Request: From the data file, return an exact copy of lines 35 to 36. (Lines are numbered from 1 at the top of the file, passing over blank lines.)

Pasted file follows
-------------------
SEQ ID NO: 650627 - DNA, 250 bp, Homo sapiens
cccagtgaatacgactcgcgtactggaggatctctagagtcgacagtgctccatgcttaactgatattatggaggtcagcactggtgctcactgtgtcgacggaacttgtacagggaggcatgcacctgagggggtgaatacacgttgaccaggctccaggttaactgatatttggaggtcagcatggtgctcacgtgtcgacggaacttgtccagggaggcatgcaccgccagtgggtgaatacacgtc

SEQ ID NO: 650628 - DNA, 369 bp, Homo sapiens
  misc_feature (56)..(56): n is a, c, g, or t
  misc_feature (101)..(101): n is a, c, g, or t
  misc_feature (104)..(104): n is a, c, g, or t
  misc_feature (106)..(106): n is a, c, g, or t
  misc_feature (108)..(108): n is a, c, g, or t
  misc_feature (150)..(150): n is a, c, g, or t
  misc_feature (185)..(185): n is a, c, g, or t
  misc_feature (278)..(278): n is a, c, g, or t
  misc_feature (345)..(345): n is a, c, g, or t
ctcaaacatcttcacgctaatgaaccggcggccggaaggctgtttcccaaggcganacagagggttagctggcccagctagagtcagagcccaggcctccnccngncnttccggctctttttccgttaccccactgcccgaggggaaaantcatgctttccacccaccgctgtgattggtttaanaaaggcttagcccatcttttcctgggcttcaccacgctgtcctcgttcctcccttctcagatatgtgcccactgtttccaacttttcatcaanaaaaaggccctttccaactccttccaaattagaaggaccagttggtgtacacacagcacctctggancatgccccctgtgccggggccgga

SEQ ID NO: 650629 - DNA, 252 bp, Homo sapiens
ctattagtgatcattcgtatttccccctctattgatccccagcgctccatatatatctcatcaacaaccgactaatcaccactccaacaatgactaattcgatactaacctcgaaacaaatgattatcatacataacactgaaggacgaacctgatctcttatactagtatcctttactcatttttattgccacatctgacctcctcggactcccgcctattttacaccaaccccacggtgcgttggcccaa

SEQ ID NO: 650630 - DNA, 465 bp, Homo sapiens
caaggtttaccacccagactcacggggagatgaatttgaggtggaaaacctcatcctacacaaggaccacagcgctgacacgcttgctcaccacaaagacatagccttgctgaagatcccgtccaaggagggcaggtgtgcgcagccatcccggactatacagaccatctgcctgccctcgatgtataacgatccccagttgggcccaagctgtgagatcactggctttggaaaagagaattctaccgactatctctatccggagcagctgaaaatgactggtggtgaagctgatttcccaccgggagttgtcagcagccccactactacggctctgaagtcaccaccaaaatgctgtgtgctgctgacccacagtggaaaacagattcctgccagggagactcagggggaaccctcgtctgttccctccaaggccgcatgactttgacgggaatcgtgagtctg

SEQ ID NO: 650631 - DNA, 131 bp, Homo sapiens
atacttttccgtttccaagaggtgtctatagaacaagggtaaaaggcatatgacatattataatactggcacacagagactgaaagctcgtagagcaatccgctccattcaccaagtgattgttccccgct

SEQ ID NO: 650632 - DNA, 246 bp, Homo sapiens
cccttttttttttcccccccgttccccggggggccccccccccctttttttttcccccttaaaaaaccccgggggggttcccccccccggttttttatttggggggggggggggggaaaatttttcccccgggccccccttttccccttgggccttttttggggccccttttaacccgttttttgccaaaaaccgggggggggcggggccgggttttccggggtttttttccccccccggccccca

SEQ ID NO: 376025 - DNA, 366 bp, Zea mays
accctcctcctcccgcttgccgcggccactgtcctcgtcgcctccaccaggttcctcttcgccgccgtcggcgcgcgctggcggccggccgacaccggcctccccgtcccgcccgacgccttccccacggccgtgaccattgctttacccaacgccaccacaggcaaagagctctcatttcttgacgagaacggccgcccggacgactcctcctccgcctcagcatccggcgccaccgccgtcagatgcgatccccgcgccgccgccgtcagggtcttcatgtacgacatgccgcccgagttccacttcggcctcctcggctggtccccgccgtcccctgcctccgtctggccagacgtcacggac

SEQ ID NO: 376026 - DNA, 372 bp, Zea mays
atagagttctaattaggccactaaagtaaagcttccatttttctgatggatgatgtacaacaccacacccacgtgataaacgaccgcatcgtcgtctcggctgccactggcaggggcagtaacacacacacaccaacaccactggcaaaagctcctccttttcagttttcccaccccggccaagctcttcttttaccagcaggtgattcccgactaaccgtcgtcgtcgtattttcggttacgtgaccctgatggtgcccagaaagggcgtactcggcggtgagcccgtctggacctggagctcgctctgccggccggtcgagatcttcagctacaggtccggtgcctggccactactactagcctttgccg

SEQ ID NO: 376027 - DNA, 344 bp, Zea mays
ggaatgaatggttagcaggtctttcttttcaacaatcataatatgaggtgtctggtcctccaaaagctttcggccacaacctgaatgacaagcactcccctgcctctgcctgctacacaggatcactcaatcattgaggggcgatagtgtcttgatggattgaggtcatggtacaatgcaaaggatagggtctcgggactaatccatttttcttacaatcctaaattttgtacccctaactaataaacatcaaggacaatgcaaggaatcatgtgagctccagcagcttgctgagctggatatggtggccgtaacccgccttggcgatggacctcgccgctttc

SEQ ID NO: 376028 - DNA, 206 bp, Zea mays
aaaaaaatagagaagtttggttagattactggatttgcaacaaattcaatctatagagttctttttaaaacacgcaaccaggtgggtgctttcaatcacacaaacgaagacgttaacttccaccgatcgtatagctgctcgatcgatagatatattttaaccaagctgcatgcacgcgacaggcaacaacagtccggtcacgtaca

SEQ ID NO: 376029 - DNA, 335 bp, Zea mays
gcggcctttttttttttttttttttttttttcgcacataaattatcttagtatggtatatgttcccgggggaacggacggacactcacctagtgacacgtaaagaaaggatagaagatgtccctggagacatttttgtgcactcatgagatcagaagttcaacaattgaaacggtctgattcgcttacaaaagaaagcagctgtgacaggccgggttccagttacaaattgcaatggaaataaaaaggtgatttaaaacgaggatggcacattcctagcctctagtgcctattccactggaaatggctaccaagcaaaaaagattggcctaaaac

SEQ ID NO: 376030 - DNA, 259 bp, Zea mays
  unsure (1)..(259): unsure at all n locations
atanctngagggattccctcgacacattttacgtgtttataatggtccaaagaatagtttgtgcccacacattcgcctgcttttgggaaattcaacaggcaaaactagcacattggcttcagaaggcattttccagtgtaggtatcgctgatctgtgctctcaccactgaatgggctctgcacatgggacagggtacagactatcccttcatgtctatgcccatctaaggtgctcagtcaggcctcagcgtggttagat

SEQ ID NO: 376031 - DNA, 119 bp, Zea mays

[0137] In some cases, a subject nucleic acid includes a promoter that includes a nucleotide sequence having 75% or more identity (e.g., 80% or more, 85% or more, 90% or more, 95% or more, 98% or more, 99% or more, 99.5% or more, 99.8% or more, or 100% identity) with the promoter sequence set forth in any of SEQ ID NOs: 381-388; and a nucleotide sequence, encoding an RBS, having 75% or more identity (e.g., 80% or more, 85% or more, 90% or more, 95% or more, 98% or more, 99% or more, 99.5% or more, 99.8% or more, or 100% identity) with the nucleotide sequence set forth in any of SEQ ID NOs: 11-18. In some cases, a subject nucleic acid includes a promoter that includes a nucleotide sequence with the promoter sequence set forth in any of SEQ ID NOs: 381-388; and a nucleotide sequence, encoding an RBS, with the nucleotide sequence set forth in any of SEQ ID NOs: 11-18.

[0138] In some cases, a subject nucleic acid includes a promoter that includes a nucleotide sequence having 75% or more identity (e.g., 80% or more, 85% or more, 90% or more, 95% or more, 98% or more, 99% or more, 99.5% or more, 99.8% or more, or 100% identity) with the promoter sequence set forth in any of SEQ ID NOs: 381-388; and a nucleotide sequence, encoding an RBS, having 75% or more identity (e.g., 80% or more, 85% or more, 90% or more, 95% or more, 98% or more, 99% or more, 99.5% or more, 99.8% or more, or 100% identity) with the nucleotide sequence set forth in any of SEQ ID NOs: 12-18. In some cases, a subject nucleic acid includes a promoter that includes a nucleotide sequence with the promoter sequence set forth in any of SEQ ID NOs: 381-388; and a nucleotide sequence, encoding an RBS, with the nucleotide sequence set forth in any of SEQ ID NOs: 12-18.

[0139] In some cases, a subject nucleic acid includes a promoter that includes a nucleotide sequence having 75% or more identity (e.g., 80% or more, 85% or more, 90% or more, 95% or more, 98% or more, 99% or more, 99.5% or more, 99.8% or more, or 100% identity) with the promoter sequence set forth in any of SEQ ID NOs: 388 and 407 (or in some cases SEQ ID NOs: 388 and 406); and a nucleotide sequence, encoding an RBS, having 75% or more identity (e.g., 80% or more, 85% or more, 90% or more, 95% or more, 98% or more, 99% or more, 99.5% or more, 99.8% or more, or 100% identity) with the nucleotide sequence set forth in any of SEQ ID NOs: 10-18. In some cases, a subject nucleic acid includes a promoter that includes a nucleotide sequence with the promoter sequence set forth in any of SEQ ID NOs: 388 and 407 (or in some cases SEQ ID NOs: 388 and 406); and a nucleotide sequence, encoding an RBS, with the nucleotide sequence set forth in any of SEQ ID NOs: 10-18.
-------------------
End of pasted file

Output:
SEQ ID NO: 376031 - DNA, 119 bp, Zea mays

[0137] In some cases, a subject nucleic acid includes a promoter that includes a nucleotide sequence having 75% or more identity (e.g., 80% or more, 85% or more, 90% or more, 95% or more, 98% or more, 99% or more, 99.5% or more, 99.8% or more, or 100% identity) with the promoter sequence set forth in any of SEQ ID NOs: 381-388; and a nucleotide sequence, encoding an RBS, having 75% or more identity (e.g., 80% or more, 85% or more, 90% or more, 95% or more, 98% or more, 99% or more, 99.5% or more, 99.8% or more, or 100% identity) with the nucleotide sequence set forth in any of SEQ ID NOs: 11-18. In some cases, a subject nucleic acid includes a promoter that includes a nucleotide sequence with the promoter sequence set forth in any of SEQ ID NOs: 381-388; and a nucleotide sequence, encoding an RBS, with the nucleotide sequence set forth in any of SEQ ID NOs: 11-18.